CA9 on CIMT: Castrijon-Garcia v. Holder

CA9 on CIMT: Castrijon-Garcia v. Holder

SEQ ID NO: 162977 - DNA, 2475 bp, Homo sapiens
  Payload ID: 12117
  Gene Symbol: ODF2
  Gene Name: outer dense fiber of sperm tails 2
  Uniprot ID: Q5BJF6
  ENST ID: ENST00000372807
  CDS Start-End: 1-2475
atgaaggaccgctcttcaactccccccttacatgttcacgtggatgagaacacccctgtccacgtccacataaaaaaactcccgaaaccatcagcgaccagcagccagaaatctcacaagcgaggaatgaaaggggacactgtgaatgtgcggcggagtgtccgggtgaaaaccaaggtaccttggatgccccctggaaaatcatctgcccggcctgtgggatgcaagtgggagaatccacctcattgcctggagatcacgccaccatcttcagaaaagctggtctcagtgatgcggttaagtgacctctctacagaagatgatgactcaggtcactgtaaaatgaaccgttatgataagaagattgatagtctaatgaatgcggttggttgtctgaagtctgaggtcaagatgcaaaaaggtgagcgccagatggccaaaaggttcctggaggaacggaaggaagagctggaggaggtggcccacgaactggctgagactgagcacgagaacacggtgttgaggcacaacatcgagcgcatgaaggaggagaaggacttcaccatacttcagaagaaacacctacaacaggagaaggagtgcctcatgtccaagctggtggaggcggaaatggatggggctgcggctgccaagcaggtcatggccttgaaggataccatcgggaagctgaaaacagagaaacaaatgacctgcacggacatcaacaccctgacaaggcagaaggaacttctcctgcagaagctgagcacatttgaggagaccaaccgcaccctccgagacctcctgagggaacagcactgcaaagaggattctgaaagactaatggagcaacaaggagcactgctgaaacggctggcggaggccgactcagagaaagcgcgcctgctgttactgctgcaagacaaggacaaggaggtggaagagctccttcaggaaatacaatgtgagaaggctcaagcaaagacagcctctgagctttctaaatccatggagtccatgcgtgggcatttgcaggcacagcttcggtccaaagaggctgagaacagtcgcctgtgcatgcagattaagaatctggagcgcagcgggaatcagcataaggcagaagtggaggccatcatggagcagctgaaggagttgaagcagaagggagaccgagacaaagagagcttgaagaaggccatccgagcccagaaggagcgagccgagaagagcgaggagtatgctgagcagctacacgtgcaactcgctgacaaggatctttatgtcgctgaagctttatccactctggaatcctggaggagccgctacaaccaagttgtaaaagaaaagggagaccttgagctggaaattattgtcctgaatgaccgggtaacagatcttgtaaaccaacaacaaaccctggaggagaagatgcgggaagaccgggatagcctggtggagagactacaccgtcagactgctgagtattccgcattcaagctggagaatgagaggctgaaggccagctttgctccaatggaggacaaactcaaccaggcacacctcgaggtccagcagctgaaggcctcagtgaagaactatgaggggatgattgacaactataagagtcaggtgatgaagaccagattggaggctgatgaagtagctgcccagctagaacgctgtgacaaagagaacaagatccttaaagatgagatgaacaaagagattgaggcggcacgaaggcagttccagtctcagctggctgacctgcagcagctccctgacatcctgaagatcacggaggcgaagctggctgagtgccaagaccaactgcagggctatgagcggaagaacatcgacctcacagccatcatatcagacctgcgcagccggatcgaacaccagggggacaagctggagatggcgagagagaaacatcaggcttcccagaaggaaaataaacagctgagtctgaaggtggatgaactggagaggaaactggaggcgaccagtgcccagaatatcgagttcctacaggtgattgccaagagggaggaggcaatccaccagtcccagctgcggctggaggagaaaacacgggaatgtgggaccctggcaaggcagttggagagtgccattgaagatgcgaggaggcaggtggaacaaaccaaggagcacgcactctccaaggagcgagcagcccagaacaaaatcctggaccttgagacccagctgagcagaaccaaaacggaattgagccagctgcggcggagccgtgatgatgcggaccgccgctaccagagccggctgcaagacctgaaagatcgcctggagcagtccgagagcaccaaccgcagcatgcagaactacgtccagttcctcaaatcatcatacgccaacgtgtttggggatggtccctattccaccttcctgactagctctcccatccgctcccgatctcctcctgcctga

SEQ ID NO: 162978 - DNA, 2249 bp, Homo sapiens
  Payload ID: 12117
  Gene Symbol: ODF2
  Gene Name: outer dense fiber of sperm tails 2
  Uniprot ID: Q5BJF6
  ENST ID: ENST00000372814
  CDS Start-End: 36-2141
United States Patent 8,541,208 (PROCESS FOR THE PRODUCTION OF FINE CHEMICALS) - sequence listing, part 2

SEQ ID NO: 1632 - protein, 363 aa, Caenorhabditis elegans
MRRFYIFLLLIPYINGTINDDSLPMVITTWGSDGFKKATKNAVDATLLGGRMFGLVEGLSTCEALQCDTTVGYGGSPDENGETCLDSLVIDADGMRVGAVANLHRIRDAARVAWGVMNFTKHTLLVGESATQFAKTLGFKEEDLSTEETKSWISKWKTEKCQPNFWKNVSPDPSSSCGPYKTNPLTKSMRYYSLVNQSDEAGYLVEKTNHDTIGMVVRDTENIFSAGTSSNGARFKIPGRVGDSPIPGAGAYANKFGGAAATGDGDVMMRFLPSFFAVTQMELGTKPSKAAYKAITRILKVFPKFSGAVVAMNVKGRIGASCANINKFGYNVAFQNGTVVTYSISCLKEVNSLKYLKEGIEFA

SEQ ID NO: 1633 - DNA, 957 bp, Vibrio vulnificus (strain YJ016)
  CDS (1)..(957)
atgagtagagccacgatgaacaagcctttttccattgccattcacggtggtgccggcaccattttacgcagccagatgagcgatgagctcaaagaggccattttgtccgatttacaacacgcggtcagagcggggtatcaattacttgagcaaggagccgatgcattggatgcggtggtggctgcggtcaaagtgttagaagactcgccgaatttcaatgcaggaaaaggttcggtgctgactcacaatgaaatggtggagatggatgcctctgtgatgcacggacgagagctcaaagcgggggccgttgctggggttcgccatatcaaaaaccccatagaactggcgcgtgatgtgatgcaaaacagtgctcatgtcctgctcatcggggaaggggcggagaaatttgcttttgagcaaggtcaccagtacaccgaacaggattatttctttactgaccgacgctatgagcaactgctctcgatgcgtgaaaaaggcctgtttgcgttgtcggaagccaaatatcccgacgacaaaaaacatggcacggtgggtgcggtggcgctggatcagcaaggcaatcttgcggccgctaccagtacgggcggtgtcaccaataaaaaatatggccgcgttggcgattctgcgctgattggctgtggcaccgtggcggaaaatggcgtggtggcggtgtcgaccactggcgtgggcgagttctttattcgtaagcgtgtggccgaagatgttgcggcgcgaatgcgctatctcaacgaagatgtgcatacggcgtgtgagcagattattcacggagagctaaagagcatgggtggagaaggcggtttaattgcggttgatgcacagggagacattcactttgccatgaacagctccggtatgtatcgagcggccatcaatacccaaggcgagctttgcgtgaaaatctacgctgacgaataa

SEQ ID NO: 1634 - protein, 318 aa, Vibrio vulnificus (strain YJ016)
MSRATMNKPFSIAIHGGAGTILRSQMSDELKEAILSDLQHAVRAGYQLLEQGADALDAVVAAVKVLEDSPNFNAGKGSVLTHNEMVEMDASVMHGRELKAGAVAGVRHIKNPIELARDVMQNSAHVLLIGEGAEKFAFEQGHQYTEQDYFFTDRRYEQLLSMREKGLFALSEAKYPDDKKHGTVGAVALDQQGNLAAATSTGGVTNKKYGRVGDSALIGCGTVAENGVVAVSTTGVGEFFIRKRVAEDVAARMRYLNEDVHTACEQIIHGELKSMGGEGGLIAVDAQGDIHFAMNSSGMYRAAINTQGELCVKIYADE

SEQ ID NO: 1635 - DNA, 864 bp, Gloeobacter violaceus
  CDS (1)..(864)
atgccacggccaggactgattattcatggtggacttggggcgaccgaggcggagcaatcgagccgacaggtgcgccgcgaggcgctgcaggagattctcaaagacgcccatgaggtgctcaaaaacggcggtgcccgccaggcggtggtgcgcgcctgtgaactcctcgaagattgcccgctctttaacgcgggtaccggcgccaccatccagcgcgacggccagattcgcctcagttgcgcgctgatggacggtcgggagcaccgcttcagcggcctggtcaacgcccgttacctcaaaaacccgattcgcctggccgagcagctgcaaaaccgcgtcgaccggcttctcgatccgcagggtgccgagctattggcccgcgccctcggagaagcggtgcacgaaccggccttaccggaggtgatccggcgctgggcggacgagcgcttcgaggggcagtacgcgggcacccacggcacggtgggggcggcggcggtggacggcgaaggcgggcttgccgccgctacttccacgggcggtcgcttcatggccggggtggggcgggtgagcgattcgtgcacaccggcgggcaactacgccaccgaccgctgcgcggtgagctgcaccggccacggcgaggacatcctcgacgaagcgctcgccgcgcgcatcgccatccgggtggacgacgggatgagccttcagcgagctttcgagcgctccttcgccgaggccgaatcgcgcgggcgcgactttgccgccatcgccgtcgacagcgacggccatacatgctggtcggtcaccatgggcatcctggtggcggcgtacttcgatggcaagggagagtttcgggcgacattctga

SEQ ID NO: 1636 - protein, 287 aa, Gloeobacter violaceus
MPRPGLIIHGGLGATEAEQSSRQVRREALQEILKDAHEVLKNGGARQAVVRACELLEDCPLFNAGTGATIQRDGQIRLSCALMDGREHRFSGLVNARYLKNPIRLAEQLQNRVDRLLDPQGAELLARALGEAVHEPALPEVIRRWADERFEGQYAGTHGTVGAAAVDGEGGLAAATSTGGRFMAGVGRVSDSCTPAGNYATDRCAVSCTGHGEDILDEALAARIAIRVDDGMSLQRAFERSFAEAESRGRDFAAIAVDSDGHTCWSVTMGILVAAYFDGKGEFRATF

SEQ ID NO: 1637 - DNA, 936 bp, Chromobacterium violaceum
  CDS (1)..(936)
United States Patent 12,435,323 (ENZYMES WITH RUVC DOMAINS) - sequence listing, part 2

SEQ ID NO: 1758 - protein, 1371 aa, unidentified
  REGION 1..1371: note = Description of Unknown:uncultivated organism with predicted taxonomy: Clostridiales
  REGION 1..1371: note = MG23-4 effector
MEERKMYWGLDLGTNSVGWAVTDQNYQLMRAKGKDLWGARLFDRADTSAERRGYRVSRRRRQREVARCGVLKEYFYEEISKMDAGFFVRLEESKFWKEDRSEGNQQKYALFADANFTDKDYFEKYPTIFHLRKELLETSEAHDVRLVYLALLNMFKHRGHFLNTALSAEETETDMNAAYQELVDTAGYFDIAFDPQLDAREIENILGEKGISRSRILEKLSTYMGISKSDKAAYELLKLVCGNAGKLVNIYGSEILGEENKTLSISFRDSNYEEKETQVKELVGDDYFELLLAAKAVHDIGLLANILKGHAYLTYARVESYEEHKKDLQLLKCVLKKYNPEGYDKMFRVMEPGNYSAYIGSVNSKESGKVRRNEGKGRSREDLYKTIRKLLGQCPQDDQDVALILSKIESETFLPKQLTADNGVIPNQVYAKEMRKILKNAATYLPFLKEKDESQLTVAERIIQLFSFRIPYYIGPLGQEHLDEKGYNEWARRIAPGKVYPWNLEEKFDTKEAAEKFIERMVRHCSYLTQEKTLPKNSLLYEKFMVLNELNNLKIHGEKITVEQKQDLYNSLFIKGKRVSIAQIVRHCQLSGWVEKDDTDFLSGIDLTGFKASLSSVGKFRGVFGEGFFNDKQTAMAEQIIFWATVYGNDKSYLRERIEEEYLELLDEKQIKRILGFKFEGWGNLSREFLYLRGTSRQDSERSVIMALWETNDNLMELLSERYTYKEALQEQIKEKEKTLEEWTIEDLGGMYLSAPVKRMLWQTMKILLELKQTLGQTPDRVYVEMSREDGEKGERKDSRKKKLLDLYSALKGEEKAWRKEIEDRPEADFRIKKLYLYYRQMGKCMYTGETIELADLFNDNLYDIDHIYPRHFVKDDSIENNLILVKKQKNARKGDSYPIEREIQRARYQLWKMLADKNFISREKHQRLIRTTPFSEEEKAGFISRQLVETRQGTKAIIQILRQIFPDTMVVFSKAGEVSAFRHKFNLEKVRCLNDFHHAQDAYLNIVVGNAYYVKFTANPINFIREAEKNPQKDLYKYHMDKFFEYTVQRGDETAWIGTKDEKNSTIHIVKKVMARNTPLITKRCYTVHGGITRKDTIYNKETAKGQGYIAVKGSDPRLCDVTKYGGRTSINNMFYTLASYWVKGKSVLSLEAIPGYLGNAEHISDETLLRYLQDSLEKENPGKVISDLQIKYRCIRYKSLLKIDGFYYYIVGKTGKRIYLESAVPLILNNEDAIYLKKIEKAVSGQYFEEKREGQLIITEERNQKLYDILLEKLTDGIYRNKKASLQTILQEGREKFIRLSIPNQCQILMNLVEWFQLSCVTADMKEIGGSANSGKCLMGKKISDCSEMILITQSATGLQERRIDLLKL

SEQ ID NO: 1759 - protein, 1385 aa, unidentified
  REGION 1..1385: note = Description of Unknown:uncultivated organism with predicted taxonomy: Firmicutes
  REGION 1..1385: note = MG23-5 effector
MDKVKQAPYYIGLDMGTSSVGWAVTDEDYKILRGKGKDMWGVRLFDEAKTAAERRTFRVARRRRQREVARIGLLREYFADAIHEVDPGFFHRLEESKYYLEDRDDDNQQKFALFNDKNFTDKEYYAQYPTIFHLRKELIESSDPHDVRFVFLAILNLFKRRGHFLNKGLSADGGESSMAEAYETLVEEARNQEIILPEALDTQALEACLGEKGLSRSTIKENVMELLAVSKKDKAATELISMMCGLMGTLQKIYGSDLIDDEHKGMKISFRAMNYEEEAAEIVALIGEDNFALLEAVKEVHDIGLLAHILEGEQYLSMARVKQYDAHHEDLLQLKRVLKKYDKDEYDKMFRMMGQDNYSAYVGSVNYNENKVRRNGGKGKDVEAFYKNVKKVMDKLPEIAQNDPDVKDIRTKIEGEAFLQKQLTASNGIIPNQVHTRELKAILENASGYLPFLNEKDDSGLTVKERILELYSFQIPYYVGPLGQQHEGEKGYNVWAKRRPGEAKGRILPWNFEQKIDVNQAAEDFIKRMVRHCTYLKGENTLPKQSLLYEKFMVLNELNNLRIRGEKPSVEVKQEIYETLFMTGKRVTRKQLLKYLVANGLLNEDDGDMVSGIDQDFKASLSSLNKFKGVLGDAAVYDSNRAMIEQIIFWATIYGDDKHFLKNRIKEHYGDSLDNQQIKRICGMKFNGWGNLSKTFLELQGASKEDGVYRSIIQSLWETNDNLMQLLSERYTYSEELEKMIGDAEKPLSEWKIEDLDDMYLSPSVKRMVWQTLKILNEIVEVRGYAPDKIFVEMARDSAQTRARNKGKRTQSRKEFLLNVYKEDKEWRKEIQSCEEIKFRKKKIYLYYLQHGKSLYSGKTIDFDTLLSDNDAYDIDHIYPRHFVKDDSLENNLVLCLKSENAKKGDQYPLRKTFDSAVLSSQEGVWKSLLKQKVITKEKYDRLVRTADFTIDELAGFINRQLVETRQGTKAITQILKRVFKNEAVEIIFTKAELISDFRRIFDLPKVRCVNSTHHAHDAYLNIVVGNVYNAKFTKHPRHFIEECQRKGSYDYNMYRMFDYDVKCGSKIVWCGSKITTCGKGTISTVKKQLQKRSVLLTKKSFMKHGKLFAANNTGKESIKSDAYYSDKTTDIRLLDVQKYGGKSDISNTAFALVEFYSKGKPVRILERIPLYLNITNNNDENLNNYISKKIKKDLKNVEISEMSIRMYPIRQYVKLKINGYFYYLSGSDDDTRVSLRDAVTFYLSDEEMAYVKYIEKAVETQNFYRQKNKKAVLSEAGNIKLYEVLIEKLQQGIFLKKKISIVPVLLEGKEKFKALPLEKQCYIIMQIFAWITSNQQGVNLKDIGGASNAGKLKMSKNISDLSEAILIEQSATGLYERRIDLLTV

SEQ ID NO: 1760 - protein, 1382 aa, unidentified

"Javier Castrijon-Garcia (“Castrijon”) petitions for review of a decision of the Board of Immigration Appeals (“BIA”), holding that  his conviction for simple kidnapping under California Penal Code (“CPC”) § 207(a) is categorically a crime involving moral turpitude under 8 U.S.C. § 1182(a)(2)(A)(i)(I), making him statutorily ineligible for cancellation ofremoval under 8 U.S.C. § 1229b(b)(1)(C).  We have jurisdiction pursuant to 8 U.S.C. § 1252(a)(2)(D) to determine whether a crime involves moral turpitude.  See Nunez v. Holder, 594 F.3d 1124, 1129 (9th Cir. 2010)(“Whether a crime involves moral turpitude is a question of law that we have jurisdiction to review pursuant to 8 U.S.C. § 1252(a)(2)(D).”).  We grant the petition for review and remand to the BIA for further proceedings.  We have held that “non-fraudulent  crimes of moral turpitude almost always involve an intent to harm someone, the actual infliction of harm upon someone, or an action that affects a protected class of victim.”  Id. at 1131. Simple kidnapping under CPC § 207(a) does not involve any of these elements.  Moreover, California courts have applied the statute to conduct that is not morally turpitudinous.  See Gonzales v. Duenas-Alvarez, 549 U.S. 183, 193 (2007).  Therefore, we hold that simple kidnapping under CPC § 207(a) is not categorically a crime involving moral turpitude. We remand to allow the BIA to conduct a modified categorical analysis of Castrijon’s crime." - Castrijon-Garcia v. Holder, Jan. 9, 2013.  [Hats off to Gary A. Watt, Supervising Counsel; Stephen R. Tollafield, Supervising Counsel; Heidi M. Hansen Kalscheur, Student Counsel; Nolan R. Shaw (argued), Student Counsel, Hastings Appellate Project, San Francisco, California, for Petitioner!]